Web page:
Intrepid Studios has hired four new staff for its ambitious MMO Ashes of Creation, whose experience covers practically the entire history of online RPGs - from EveryQuest and Planetside right up to H1Z1.
Kevin McPherson and Akil Hooper both worked on EverQuest and its sequel at Sony Online Entertainment. McPherson also worked on Planetside and Planetside 2, while Hooper moved to Obsidian to work on Fallout: New Vegas. They join the San Diego-based company as lead programmer and lead technical designer, respectively.
Mat Broome also worked on EverQuest and Planetside 2, and continued to gain experience in online games with DC Universe Online and H1Z1. He will join Intrepid as senior character artist.
Rocco Scandizzo will be Ashes of Creation's lead economic designer, to which he will bring both academic experience (a Ph.D. in Economics) as well as 20 years experience in the games industry. In that time, Scandizzo was managing director of Psyop Games, director of franchise and license development at Activision, and director of strategic growth at Vivendi Games.
Ashes of Creation is one of the most successful games on Kickstarter in recent times. At the time of writing, the campaign had raised $2.9 million against a target of $750,000, with 30 hours still to go.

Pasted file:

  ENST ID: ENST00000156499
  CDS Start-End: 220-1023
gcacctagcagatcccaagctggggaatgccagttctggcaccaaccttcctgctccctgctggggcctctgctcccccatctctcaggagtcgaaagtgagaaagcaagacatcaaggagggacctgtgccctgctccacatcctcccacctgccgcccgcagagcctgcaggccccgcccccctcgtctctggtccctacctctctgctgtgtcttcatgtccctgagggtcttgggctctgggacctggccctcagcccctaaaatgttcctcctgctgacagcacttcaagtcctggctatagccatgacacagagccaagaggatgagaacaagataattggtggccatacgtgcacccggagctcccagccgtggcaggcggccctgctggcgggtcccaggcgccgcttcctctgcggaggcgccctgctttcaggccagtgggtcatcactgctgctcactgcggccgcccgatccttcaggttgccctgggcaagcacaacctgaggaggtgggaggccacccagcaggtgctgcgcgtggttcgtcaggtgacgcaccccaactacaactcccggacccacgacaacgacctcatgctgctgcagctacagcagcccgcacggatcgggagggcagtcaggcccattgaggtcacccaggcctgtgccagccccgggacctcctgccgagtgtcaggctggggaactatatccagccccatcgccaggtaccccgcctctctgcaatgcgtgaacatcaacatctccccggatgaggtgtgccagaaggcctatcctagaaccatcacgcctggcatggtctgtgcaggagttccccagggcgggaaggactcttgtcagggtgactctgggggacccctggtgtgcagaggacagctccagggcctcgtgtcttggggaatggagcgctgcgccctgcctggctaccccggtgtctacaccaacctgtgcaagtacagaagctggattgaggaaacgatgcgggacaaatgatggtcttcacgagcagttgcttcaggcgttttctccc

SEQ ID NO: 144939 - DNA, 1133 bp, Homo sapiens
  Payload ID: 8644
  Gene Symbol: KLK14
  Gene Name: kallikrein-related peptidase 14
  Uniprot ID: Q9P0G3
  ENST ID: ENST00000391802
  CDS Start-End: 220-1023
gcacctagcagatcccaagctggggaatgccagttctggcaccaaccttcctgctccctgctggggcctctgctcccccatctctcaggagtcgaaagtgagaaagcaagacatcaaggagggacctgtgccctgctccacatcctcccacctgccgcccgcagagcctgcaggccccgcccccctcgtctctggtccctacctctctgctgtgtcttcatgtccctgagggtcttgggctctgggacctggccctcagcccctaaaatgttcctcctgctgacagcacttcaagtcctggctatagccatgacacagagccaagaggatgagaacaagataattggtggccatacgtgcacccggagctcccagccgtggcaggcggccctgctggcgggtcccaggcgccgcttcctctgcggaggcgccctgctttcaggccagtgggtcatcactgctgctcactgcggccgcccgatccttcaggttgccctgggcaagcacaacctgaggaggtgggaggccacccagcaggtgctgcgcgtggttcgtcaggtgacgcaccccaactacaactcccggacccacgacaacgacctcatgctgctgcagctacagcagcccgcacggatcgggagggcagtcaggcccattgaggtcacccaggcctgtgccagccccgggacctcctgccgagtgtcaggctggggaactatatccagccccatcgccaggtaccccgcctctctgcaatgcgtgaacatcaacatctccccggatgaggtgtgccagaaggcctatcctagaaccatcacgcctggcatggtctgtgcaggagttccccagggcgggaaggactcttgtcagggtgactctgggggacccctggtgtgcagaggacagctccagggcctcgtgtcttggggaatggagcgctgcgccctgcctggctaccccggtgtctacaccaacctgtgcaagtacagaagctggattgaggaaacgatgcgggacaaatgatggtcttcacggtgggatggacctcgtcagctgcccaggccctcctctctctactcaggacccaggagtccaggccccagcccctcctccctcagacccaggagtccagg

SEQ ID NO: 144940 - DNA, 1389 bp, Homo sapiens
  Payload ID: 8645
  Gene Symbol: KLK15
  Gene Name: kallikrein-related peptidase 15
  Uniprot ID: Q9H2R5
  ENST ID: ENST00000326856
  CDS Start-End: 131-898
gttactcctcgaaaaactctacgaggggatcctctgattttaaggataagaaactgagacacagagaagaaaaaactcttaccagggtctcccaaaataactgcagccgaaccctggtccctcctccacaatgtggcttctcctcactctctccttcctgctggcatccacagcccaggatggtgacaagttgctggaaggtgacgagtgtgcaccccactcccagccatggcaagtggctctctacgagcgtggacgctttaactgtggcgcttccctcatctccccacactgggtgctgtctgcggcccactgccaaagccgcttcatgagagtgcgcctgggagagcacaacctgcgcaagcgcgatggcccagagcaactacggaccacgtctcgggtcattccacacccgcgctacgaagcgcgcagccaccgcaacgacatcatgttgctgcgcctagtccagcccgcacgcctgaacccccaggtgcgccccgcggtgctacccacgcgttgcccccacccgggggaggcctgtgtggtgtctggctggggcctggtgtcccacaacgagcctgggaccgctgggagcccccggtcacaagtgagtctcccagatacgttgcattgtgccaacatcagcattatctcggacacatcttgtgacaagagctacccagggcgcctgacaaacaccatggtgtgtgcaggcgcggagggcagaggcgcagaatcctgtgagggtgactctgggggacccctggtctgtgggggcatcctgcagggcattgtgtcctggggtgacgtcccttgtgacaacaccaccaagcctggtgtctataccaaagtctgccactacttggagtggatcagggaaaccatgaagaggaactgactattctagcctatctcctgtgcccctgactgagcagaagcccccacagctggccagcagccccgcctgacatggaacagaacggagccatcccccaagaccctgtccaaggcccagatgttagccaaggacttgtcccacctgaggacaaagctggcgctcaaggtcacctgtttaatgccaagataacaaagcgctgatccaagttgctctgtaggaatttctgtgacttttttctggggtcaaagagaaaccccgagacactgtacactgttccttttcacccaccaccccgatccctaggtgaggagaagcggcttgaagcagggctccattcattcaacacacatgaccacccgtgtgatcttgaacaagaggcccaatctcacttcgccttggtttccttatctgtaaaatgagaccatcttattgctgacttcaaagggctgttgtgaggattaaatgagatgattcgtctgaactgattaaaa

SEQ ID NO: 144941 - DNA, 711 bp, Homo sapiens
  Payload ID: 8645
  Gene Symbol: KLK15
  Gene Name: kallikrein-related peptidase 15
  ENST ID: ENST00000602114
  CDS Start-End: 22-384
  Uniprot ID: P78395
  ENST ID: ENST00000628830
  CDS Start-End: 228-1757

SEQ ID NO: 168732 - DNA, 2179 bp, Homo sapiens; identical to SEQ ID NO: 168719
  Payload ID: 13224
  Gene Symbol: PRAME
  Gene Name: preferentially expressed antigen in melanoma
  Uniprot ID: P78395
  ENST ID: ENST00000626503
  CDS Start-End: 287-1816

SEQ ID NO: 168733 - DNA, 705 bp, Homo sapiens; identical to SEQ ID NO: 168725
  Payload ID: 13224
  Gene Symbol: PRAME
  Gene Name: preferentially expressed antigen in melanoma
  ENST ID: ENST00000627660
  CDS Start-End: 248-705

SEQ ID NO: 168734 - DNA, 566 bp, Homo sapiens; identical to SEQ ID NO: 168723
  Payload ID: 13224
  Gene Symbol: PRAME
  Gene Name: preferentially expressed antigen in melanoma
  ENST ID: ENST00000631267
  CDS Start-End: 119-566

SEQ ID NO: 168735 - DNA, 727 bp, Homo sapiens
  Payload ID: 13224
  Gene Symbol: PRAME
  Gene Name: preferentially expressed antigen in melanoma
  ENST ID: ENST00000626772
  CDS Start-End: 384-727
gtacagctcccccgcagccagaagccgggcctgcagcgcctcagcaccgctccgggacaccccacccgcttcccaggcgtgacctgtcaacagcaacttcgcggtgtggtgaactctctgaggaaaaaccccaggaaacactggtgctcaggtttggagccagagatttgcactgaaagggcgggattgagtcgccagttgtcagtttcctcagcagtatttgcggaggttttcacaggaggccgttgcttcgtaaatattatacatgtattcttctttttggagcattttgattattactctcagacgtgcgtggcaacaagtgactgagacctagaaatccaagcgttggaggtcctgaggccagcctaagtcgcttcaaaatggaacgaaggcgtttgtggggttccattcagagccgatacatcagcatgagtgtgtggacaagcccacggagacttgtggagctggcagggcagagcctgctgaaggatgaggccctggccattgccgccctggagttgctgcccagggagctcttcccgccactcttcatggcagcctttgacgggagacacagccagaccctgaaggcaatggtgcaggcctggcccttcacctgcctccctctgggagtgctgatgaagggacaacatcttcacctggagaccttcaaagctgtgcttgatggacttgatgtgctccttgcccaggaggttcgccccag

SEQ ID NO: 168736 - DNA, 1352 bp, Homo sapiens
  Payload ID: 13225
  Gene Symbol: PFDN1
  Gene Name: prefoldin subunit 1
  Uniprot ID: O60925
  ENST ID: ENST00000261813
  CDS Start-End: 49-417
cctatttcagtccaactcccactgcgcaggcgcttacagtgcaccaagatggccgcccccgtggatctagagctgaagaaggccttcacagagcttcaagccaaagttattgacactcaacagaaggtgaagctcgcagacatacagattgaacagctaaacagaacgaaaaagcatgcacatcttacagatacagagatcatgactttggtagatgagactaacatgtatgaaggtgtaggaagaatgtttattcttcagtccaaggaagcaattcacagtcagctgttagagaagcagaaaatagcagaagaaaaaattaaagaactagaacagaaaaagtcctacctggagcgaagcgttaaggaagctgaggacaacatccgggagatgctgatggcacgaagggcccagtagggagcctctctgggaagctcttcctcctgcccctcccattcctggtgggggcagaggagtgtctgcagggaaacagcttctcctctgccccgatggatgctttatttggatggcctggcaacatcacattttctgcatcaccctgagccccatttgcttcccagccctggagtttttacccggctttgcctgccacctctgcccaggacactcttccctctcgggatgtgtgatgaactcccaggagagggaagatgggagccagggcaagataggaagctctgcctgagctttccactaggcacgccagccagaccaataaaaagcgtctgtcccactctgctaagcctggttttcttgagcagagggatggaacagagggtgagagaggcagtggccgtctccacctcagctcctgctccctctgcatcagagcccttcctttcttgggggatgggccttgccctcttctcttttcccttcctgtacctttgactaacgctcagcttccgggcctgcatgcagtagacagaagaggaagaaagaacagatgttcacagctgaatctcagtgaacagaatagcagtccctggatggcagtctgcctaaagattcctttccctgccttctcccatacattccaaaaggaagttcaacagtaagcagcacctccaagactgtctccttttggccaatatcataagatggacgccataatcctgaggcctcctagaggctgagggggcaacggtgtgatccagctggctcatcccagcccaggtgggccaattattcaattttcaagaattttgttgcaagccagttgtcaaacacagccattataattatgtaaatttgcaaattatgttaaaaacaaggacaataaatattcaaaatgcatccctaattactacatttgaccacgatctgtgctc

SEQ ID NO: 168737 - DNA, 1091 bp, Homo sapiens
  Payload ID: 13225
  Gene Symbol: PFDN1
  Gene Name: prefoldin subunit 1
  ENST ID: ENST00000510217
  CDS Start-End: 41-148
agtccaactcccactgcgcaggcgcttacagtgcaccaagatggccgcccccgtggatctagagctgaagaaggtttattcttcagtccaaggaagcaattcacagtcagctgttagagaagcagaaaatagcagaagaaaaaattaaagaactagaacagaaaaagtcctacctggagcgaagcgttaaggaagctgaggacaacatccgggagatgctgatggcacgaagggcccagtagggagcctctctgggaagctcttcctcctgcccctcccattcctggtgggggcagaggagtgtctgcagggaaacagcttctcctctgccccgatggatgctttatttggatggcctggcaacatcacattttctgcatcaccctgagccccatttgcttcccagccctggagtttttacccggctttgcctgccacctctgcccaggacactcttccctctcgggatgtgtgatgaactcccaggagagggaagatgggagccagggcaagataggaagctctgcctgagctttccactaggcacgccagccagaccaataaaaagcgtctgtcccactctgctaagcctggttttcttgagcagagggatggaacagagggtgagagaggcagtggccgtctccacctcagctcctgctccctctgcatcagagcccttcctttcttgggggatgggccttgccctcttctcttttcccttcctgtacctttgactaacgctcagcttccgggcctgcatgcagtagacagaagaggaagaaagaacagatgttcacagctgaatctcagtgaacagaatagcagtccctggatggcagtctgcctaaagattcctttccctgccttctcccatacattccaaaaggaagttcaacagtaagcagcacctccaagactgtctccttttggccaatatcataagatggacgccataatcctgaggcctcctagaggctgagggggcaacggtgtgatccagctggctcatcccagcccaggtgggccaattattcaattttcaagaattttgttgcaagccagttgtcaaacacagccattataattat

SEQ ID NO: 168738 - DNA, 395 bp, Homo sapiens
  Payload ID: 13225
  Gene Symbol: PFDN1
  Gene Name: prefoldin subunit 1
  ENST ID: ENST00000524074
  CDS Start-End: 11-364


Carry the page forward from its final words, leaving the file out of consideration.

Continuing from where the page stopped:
Even before these hires, Intrepid Studios was composed of talent from the teams responsible for EverQuest and Planetside franchises. In its pitch on Kickstarter, Intrepid said that Ashes of Creation has enough "private backing" to produce a "core viable product."
"What Kickstarter will allow us to do is expand our scope and give our team flexibility and room to breathe," the company said. "To really give us the opportunity to create exactly what we want. Crowdfunding also allows us to connect directly with the players most invested in our success.
"Game design is inherently risky, and Massively Multiplayer Role Playing Games are probably the most challenging genre in the industry. We are a team of veterans who are aware of and have lived through these challenges, and we're coming at this project with the kind of expertise that allows us to mitigate and manage them. More importantly, we see this project as a way for us to 'do it right.'"